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Winter Reading: Alexander Maksik
You can now read Alexander Maksik’s contribution to our Winter issue online. We spoke with the author about the strange world that is “Trim Palace.”
Tin House: What was the biggest obstacle in writing “Trim Palace”?
Alexander Maksik: In earlier drafts, I included a great deal more of Pete’s life – past and present. As is often the case at the beginning, I found that I was writing those scenes more as a way to discover Pete’s character than in direct service to the story. I find it’s the best way for me to start – don’t think, include everything. The problem is that I fall in love with sections (or sentences) that serve me, but not the reader. That was the case with “Trim Palace” and it took me years to excise what needed to be excised. I know it’s been said a thousand times, but it’s true: you’ve got to be ruthless.
TH: When you read this story in the future, what do you think you’ll associate with the period of writing it?
AM: Years when I was moving constantly, going anywhere people would take me. Years when I was doing a lot of housesitting – a generous way to say freeloading. I love to work in other people’s homes. It allows me to pretend that there’s nothing in the world to worry about, but writing.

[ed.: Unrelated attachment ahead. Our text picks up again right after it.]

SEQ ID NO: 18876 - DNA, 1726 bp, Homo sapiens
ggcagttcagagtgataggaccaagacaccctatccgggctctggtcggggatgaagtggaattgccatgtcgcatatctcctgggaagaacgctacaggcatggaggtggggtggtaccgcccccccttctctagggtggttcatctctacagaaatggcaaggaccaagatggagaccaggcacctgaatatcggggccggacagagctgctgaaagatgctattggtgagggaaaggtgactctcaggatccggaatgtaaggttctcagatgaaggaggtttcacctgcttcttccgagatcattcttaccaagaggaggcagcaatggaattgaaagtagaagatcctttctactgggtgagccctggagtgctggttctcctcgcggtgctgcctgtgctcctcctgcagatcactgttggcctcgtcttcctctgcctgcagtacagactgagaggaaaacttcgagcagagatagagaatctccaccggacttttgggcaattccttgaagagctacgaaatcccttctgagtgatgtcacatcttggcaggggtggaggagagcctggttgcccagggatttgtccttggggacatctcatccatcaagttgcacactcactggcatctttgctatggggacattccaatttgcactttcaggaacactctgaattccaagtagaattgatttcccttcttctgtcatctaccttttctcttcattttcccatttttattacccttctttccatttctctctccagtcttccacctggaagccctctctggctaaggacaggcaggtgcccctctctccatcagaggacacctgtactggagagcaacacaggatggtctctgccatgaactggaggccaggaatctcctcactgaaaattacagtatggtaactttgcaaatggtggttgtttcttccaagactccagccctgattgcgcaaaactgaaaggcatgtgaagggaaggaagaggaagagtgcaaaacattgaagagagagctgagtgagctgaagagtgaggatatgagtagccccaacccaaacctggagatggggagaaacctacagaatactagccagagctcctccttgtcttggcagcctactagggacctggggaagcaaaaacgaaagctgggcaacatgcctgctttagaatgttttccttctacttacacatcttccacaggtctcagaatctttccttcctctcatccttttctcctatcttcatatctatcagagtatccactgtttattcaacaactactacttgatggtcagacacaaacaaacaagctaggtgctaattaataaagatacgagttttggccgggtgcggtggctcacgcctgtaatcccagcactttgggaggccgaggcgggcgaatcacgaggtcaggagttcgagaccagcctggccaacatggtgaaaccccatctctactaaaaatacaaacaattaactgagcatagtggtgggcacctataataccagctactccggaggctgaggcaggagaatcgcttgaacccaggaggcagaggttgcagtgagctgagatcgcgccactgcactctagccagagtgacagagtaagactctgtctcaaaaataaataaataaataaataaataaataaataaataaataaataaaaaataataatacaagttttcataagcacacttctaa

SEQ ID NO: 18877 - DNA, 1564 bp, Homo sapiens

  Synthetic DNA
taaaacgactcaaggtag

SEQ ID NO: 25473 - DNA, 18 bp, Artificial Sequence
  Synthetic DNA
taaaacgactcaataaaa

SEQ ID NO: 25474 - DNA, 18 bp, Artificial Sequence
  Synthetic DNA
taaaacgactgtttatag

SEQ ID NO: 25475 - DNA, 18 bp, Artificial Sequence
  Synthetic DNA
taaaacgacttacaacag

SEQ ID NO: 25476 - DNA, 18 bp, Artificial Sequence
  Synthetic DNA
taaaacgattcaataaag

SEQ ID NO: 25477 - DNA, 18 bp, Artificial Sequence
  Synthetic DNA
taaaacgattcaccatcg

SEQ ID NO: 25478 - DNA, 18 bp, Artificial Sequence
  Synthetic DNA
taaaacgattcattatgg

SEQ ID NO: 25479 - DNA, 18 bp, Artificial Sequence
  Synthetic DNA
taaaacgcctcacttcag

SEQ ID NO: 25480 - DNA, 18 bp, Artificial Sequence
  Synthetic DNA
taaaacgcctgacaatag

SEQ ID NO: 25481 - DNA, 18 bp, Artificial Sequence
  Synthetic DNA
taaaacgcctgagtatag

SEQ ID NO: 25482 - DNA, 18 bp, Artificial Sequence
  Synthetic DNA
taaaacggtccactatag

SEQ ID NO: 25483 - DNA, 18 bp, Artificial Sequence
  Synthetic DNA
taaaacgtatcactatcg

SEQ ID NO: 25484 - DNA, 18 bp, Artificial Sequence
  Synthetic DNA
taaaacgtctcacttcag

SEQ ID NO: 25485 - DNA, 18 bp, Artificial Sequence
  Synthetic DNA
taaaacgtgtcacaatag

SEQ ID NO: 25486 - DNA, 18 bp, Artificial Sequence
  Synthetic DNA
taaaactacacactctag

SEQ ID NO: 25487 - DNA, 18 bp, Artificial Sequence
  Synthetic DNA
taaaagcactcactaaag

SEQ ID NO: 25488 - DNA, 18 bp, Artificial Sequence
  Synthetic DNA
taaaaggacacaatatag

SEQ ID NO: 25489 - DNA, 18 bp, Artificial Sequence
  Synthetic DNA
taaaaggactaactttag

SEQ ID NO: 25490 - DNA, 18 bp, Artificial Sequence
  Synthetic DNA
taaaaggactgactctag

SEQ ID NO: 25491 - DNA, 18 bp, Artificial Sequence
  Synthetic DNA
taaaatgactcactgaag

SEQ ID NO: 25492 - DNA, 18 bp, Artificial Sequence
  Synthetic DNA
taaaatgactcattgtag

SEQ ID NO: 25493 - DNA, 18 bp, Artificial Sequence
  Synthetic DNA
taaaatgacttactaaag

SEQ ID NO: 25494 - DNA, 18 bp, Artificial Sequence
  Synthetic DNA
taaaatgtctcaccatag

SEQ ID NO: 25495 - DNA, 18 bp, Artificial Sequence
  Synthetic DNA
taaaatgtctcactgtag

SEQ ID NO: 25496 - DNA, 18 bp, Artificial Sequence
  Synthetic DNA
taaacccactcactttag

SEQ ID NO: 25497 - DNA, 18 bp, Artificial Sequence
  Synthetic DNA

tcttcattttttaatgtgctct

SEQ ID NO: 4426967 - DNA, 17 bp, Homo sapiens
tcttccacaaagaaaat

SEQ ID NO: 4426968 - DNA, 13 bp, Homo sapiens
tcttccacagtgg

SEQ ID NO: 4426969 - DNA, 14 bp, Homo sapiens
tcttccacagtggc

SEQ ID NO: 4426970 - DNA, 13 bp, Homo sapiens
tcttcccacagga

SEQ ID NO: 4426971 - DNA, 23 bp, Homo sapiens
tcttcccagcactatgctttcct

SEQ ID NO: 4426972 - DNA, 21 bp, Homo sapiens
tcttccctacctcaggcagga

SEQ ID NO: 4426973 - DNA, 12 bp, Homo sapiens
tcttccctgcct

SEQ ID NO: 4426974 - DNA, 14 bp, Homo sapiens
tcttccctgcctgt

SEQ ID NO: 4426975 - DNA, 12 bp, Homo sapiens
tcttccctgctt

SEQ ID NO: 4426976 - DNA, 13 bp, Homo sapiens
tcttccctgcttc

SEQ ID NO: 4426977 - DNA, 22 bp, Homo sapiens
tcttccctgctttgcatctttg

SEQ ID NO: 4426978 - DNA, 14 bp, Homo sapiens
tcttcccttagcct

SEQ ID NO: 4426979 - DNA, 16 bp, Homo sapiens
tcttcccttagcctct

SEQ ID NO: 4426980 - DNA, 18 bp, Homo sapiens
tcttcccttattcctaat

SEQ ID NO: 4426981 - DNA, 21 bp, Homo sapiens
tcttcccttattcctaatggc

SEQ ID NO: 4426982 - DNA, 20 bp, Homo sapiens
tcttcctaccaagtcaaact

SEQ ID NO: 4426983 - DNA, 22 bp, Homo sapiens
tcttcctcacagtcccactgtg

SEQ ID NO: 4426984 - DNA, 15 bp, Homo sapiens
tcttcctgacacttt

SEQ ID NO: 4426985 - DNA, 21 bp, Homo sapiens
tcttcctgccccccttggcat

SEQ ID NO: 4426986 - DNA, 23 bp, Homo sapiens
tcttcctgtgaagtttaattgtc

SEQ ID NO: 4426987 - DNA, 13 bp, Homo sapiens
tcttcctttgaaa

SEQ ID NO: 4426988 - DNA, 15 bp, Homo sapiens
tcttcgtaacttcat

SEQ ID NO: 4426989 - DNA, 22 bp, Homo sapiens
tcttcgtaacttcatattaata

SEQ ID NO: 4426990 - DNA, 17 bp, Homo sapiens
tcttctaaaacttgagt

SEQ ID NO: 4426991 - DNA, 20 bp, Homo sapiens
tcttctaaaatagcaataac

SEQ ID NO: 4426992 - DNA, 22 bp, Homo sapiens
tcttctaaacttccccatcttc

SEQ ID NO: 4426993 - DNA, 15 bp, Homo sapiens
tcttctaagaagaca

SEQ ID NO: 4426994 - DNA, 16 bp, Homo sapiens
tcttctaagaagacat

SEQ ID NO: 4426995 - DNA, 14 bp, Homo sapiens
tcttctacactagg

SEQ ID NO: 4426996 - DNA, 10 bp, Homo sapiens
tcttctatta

TH: Do you have any writing rituals?
AM: I start writing about the same time each morning. When it’s going well, I write a thousand words a day. When it isn’t, I just sit there. But I always sit there.
TH: The last sentence you underlined in a book?
AM: “This is a decidedly sinister assessment: how, one might well ask, is it possible to “overvalue” air and water? Perhaps a truer indication of mental illness (or, at least, psychospiritual disconnection) can be found in the far more common tendency to passively accept the abuse of the very systems that keep us alive.” -John Vaillant from The Golden Spruce – one of the most moving and absorbing books I’ve read in a long time.
TH: What is the next story I should read?
Alexander Maksik is the author of the novels You Deserve Nothing and A Marker to Measure Drift. His writing has appeared or is forthcoming in Best American Nonrequired Reading, Harper’s, Tin House, Harvard Review, The New York Times Magazine, The Atlantic, Salon and Narrative Magazine, among other publications, and has been translated into more than a dozen languages. A graduate of the Iowa Writers’ Workshop, he is the recipient of fellowships from the Truman Capote Literary Trust and The Corporation of Yaddo. He has taught at the University of Iowa, where he was the Provost’s Postgraduate Visiting Writer in Fiction.